Harbor is a nautical nature name with a subtle virtue vibe. Could it catch on?
Thanks to Caitlin for suggesting our Baby Name of the Day.
Harbor: Lodging for Ships
The word originally referred to temporary quarters for people – an army’s camp, for example. But by the thirteenth century, a harbor also referred to a naturally occurring shelter for ships along the coast.
This makes it something of a nature name, though it’s been possible to artificially construct shelters for centuries – and often a port, for loading and unloading cargo from ships, is constructed within an existing harbor, adding additional safeguards.
It’s been a verb since at least the 1300s. And at some point, it became possible to harbor thoughts instead of physical things, like men and boats.
Harbour is the British English spelling. Both spellings sometimes appear as surnames, sometimes occupational names for someone who operated a boarding house or inn, from the word’s older sense.
Harbor: Virtue Vibe
A ship at harbor is safe, protected from storms, sheltered in the calm waters. That’s why this name takes on a virtue vibe.
Virtue names aren’t new. Some, like Grace, have long histories of use. Others feel a little more obvious, tied to the Puritans, though Prudence and Mercy have both attracted interest in recent years.
But there’s a whole class of modern virtue names, and Harbor belongs in their company. Chance, Haven, and Journey have been popular in recent years, with names like Valor and True attracting attention, too. Most of these are at least potentially gender neutral, though use tends to divvy them up – Chance is almost certainly a boy, Haven is likely to be a girl.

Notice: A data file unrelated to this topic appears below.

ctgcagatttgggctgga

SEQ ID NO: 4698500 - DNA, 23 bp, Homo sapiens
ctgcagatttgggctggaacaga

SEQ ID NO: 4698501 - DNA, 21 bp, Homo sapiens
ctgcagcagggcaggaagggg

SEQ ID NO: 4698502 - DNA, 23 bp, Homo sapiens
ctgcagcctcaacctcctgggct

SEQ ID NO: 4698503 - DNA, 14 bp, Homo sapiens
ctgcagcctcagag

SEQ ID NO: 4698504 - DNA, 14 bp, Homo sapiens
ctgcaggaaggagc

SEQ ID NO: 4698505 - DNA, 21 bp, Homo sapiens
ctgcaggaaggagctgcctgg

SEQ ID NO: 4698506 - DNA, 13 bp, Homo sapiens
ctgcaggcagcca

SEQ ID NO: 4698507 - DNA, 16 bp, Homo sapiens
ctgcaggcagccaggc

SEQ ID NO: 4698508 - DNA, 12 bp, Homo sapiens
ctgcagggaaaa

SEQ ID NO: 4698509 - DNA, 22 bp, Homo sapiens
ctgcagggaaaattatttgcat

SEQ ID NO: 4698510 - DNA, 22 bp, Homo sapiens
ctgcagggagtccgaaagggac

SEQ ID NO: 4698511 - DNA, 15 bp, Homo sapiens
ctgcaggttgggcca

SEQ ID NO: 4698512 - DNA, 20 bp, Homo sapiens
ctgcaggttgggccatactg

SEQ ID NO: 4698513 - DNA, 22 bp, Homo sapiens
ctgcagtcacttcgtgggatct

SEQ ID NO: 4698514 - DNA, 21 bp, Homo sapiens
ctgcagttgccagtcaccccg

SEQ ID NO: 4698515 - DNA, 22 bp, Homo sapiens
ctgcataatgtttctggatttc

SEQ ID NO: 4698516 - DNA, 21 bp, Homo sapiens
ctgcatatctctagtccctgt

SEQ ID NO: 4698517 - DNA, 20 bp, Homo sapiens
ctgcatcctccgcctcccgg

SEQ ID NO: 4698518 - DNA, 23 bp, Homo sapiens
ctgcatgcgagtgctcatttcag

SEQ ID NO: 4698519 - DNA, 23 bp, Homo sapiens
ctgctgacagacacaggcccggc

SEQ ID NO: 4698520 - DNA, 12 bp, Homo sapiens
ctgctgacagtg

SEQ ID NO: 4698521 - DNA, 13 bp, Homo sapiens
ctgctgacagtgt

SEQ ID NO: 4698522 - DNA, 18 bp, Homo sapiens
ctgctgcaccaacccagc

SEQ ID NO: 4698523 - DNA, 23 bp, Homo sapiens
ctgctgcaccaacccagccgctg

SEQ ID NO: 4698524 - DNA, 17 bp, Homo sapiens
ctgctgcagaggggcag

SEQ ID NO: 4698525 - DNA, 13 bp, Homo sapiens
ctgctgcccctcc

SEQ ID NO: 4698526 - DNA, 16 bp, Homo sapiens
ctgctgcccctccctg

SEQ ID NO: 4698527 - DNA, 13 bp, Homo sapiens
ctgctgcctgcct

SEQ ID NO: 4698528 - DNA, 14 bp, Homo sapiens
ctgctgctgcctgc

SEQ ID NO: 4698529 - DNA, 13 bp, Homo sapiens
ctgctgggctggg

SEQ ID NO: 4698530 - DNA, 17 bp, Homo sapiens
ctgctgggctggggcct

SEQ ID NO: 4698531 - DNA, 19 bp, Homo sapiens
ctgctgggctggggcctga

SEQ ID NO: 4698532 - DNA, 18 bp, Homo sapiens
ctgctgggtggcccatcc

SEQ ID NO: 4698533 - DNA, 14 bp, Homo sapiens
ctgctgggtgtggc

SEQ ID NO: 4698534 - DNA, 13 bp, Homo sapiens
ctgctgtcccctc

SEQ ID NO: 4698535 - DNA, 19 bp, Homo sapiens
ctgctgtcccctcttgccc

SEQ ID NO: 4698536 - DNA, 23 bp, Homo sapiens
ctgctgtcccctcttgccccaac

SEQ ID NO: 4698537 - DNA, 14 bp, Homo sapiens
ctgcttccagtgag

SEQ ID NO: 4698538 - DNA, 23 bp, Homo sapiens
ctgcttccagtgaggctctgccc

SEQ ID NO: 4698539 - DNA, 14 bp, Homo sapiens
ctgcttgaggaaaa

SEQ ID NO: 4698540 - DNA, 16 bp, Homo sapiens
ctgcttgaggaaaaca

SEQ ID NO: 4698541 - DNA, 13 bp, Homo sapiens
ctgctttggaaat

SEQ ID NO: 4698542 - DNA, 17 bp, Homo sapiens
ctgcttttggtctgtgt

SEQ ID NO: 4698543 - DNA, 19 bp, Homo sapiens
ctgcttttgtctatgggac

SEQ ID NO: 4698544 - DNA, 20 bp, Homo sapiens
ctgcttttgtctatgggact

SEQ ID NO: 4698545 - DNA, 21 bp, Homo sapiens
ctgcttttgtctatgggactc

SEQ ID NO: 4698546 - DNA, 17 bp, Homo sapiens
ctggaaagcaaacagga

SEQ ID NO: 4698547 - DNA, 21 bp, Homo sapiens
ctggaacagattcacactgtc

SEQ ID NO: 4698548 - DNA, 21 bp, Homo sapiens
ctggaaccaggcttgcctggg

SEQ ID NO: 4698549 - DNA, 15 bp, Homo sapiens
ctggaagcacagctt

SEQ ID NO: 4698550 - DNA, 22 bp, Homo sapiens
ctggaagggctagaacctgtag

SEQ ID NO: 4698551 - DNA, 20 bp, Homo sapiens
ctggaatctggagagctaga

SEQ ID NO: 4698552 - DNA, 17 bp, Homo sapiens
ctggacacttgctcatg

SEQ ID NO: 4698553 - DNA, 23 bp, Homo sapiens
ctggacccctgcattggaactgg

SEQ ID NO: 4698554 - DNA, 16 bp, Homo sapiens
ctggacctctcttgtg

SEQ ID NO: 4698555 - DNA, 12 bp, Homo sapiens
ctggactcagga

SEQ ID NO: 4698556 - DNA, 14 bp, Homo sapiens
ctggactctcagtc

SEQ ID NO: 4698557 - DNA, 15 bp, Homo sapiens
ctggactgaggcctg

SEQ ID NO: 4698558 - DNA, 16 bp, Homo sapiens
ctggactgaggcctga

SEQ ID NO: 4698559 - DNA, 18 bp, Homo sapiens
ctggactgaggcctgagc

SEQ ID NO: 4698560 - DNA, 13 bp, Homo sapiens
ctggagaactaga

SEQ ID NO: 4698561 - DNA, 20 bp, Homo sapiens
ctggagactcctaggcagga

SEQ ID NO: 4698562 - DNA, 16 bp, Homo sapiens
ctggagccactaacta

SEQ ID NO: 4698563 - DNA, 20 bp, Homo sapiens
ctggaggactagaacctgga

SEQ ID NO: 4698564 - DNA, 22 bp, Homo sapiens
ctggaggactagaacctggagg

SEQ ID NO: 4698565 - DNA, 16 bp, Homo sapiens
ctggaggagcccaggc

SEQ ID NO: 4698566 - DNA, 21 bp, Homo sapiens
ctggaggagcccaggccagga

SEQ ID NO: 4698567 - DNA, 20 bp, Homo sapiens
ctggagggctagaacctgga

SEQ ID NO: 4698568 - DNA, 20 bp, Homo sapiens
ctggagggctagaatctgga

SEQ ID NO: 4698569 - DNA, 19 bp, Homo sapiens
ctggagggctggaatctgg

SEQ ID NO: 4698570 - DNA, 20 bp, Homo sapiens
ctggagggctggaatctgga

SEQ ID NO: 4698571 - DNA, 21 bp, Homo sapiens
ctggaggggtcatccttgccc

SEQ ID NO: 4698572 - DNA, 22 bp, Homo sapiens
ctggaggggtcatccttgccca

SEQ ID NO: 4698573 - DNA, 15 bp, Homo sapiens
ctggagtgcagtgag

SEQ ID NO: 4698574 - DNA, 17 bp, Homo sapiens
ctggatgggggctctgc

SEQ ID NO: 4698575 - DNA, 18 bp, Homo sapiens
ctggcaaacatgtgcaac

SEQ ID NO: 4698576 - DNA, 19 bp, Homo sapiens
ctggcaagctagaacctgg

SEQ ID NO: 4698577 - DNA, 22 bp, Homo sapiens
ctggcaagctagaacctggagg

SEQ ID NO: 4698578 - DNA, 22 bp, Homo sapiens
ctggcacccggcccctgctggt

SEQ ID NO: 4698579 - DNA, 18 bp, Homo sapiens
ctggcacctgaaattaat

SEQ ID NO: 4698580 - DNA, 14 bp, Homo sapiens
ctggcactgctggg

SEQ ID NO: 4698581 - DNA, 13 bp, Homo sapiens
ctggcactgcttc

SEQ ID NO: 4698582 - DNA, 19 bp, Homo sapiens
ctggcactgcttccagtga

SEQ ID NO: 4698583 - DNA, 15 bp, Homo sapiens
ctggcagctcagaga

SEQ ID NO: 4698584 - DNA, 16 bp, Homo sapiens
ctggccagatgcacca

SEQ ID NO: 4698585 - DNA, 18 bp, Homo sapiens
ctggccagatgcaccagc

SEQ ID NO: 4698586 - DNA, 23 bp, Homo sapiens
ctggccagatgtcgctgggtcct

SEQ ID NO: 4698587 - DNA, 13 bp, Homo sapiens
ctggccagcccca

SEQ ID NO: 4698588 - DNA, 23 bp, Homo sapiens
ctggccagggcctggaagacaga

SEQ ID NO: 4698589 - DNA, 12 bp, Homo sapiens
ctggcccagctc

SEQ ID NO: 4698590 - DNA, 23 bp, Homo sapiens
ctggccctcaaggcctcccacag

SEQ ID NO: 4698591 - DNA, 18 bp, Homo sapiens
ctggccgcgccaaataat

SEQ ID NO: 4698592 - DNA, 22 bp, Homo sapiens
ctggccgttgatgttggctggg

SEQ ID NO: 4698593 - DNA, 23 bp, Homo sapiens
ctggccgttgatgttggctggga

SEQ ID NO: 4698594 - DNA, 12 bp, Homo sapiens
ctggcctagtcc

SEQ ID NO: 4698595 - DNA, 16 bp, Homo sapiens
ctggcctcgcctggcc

Harbor: Place Name
If the names’s virtuous vibe doesn’t appeal to you, maybe its status as a place name will.
Many of the world’s greatest cities have been built around a naturally occurring harbor: New York, Boston, Baltimore, San Francisco, Amsterdam, Istanbul, Havana, Lisbon, Buenos Aires, Vancouver, Jakarta, Genoa, Gdansk, Sydney, Saint Petersburg, Tokyo, Mumbai, Nassau, Norway’s Trondheim, Jamaica’s Kingston.
I’m leaving off dozens and dozens more, but what it all means is this: it’s very possible to take inspiration from one of the countless places around the globe.
Harbor: By the Numbers
But is anyone actually using this as a name?
Yes – but it’s quite rare.
Harbor was first given to more than five children in 2006. By 2014, there were 39 girls and 26 boys by the name.
Perhaps it trends slightly feminine because of the popularity of H surnames for girls, like the very similar Harper. (And I think the potential for confusion with Harper is a concern.) I’m inclined to give this one to the boys, though Bay and Ocean feel perfectly unisex to me.
With ties to the natural world, a tremendous number of noteworthy places, and a virtue vibe, it’s easy to imagine bold baby namers embracing this word as a child’s name. And we could be just one fictional character/child star away from this one catching on.
What do you think of Harbor? Do you think it works as a given name?